Next week-end, the Geneva Science History Museum invites you to a Science Night under the banner of waves and vibrations. Scientists, artists and storytellers from more than forty institutes and local or regional associations will show that waves and vibrations form an integral part of our environment. You will be able to get in contact with the nature of waves through interactive exhibitions on sound and light and through hands-on demonstrations arranged in the Park of the Perle du Lac. On the CERN stand, you will be able to measure the speed of light with a bar of chocolate, and understand the scattering of waves with plastic ducks. Amazing, no? In addition to the stands, the Night will offer many other activities: reconstructions of experiments, a play, a concert of crystal glasses, an illuminated fountain, a house of spirits. More information Science Night, 6 and 7 July, Park of the Perle du Lac, Geneva

  14. Infection of Atlantic salmon with Moritella viscosus compared to a mechanical tissue injury model in rainbow trout show similar expression patterns of cytokine genes and may be related to triggering of the same signaling pathways

    DEFF Research Database (Denmark)

    Physical damage of tissue and multiple kinds of infections are found to cause inflammatory reactions in mammals. Regardless of the difference between non-pathogenic induced tissue damage and a bacterial infection, many of the same pathways and genes are triggered. To determine if the same...... phenomenon occurs in salmonid fishes, Atlantic salmon (Salmo salar) were infected with the bacteria Moritella viscosus, the causative agent of winter ulcer. The clinical signs showing visible, punctual lesions in the skin make this pathogen unique in order to study local inflammation. Muscle tissue...... mykiss) were subjected to controlled tissue disruption applying sterile needles to skin and muscle tissue to one side of the fish. Samples were taken 4, 8, 24 hours and 7 days post injury from both the injured side and non injured site, internal control. From both studies, the samples were subject...

  15. Durable Goods and the Business Cycle

    OpenAIRE

    Susan Black; Tom Cusbert

    2010-01-01

    Spending on durable goods tends to be more cyclical than spending on non-durable goods and services as it can be more readily postponed in times of economic weakness. During the recent global economic slowdown, the decline in durable goods spending was a key transmission mechanism of the uncertainty associated with the global financial crisis to the broader economy, as households and businesses delayed purchases of durable goods.

  16. Quantifying capital goods for waste incineration

    DEFF Research Database (Denmark)

    Brogaard, Line Kai-Sørensen; Riber, C.; Christensen, Thomas Højlund

    2013-01-01

    Materials and energy used for the construction of modern waste incineration plants were quantified. The data was collected from five incineration plants (72,000–240,000tonnes per year) built in Scandinavia (Norway, Finland and Denmark) between 2006 and 2012. Concrete for the buildings was the main...... of producing the materials used in the construction, steel for the building and the machinery contributed the most. The material and energy used for the construction corresponded to the emission of 7–14kg CO2 per tonne of waste combusted throughout the lifetime of the incineration plant. The assessment showed...... that, compared to data reported in the literature on direct emissions from the operation of incinerators, the environmental impacts caused by the construction of buildings and machinery (capital goods) could amount to 2–3% with respect to kg CO2 per tonne of waste combusted....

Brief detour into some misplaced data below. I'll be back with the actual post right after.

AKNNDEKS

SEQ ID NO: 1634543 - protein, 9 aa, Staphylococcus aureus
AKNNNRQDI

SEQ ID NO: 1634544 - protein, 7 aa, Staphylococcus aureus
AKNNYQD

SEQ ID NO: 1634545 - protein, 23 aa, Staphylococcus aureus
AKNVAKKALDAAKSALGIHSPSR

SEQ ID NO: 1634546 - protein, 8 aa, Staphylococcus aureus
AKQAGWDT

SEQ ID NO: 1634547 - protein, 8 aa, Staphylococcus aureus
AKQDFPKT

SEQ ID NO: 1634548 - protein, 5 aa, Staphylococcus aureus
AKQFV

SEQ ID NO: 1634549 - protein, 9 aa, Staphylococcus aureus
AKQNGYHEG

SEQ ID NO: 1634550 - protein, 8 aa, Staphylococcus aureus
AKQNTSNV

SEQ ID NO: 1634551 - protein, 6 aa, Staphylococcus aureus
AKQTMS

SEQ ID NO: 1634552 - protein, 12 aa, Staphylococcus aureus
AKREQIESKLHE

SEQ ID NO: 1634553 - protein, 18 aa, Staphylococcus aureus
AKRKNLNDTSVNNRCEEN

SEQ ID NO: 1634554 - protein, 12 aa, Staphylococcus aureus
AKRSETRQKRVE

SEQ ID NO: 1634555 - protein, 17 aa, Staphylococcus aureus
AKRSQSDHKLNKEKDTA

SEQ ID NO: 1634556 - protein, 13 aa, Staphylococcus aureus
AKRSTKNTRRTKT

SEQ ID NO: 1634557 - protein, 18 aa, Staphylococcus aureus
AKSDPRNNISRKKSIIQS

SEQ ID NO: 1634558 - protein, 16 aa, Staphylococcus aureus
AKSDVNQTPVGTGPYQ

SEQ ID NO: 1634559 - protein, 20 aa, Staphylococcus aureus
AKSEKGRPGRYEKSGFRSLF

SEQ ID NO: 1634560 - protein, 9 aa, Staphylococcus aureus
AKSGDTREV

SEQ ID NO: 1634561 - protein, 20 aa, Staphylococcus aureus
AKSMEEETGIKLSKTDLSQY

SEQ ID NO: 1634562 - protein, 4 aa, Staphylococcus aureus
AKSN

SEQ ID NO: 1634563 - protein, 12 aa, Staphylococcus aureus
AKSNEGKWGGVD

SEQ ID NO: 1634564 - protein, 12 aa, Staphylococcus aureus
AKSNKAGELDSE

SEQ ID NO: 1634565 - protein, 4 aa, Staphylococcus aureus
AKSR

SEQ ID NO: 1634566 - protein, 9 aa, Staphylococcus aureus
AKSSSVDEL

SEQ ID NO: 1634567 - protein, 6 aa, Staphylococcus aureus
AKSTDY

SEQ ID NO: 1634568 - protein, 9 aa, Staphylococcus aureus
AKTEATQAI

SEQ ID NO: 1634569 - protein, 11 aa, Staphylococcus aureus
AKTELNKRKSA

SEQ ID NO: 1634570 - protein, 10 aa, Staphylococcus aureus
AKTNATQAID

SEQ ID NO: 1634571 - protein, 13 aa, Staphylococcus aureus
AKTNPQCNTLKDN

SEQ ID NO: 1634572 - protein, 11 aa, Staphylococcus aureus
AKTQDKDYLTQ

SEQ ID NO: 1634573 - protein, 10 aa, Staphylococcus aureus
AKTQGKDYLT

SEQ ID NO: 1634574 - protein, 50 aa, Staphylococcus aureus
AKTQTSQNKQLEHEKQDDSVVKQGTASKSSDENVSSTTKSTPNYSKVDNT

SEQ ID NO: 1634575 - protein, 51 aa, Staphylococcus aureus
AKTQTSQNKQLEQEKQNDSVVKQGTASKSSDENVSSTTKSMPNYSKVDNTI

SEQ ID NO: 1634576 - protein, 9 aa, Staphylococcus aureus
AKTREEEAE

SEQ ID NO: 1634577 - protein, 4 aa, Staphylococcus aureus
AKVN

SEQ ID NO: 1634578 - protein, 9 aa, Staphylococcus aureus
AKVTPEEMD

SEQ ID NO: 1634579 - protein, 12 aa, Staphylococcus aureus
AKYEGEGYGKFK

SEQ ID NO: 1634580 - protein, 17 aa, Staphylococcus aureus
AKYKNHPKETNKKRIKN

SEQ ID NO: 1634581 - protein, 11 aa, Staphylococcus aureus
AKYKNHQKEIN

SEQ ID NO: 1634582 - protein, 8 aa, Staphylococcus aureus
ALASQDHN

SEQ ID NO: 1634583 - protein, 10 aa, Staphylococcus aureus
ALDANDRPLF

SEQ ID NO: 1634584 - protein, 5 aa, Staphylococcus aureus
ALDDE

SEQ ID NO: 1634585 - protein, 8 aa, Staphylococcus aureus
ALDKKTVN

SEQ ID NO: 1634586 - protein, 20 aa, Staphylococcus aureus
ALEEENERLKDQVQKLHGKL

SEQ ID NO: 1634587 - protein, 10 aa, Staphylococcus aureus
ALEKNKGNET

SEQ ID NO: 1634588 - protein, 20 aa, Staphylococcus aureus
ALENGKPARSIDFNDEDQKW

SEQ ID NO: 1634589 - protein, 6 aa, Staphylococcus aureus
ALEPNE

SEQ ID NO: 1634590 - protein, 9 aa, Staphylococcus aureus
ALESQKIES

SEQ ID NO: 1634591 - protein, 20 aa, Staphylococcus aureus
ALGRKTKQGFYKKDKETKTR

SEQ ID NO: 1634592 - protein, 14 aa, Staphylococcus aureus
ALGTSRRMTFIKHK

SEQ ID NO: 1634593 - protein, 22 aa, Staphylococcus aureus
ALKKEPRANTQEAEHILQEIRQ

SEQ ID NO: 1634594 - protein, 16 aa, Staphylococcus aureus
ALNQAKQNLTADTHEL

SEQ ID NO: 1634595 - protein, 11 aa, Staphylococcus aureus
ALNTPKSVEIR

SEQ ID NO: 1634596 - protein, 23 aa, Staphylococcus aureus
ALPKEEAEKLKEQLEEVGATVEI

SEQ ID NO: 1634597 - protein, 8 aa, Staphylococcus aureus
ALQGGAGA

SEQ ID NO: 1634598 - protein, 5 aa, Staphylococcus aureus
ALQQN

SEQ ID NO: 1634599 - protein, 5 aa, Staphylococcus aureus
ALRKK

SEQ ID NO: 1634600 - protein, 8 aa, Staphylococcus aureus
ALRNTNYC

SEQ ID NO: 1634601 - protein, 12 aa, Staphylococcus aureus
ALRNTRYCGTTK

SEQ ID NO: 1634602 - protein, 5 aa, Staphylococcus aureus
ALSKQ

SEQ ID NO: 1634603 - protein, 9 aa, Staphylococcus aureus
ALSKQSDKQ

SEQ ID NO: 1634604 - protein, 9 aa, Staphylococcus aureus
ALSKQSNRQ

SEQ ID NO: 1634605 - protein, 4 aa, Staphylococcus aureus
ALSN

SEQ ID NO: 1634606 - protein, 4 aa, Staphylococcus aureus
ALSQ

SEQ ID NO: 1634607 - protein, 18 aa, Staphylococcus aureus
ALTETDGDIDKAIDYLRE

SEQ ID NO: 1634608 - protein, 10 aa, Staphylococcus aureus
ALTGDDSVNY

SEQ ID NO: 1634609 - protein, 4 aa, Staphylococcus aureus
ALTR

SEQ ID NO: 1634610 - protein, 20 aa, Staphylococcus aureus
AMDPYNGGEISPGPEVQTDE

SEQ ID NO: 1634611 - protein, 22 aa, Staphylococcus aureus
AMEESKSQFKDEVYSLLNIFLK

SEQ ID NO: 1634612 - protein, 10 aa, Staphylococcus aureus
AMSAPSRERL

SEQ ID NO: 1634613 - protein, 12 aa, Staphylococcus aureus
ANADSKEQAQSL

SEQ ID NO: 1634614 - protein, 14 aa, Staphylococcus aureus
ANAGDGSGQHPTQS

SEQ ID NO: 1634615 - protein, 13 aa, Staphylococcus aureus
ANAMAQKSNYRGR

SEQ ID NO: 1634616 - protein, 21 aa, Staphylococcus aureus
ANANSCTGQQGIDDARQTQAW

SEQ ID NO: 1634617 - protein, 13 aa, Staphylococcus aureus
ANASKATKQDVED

17. Benefits of tolerance in public goods games

    Science.gov (United States)

    Szolnoki, Attila; Chen, Xiaojie

    2015-10-01

    Leaving the joint enterprise when defection is unveiled is always a viable option to avoid being exploited. Although loner strategy helps the population not to be trapped into the tragedy of the commons state, it could offer only a modest income for nonparticipants. In this paper we demonstrate that showing some tolerance toward defectors could not only save cooperation in harsh environments but in fact results in a surprisingly high average payoff for group members in public goods games. Phase diagrams and the underlying spatial patterns reveal the high complexity of evolving states where cyclic dominant strategies or two-strategy alliances can characterize the final state of evolution. We identify microscopic mechanisms which are responsible for the superiority of global solutions containing tolerant players. This phenomenon is robust and can be observed both in well-mixed and in structured populations highlighting the importance of tolerance in our everyday life.

  18. When good news leads to bad choices.

    Science.gov (United States)

    McDevitt, Margaret A; Dunn, Roger M; Spetch, Marcia L; Ludvig, Elliot A

    2016-01-01

    Pigeons and other animals sometimes deviate from optimal choice behavior when given informative signals for delayed outcomes. For example, when pigeons are given a choice between an alternative that always leads to food after a delay and an alternative that leads to food only half of the time after a delay, preference changes dramatically depending on whether the stimuli during the delays are correlated with (signal) the outcomes or not. With signaled outcomes, pigeons show a much greater preference for the suboptimal alternative than with unsignaled outcomes. Key variables and research findings related to this phenomenon are reviewed, including the effects of durations of the choice and delay periods, probability of reinforcement, and gaps in the signal. We interpret the available evidence as reflecting a preference induced by signals for good news in a context of uncertainty. Other explanations are briefly summarized and compared. © 2016 Society for the Experimental Analysis of Behavior.

  19. How Good Is Multi-Pivot Quicksort?

    DEFF Research Database (Denmark)

    Aumüller, Martin; Dietzfelbinger, Martin; Klaue, Pascal

    2016-01-01

    that this translates into good cache behavior and is closest to predicting observed running times of multi-pivot quicksort algorithms. Finally, it is studied how choosing pivots from a sample affects sorting cost. The study is theoretical in the sense that although the findings motivate design recommendations...... of the partitioning cost is caused by rearranging elements. A rigorous analysis of an algorithm for rearranging elements in the partitioning step is carried out, observing mainly how often array cells are accessed during partitioning. The algorithm behaves best if three to five pivots are used. Experiments show...... for multipivot quicksort algorithms that lead to running-time improvements over known algorithms in an experimental setting, these improvements are small....

  20. 19 CFR 10.810 - Originating goods.

    Science.gov (United States)

    2010-04-01

    ... Duties U.S. CUSTOMS AND BORDER PROTECTION, DEPARTMENT OF HOMELAND SECURITY; DEPARTMENT OF THE TREASURY... Rules of Origin § 10.810 Originating goods. (a) General. A good will be considered an originating good... having undergone simple combining or packaging operations, or mere dilution with water or another...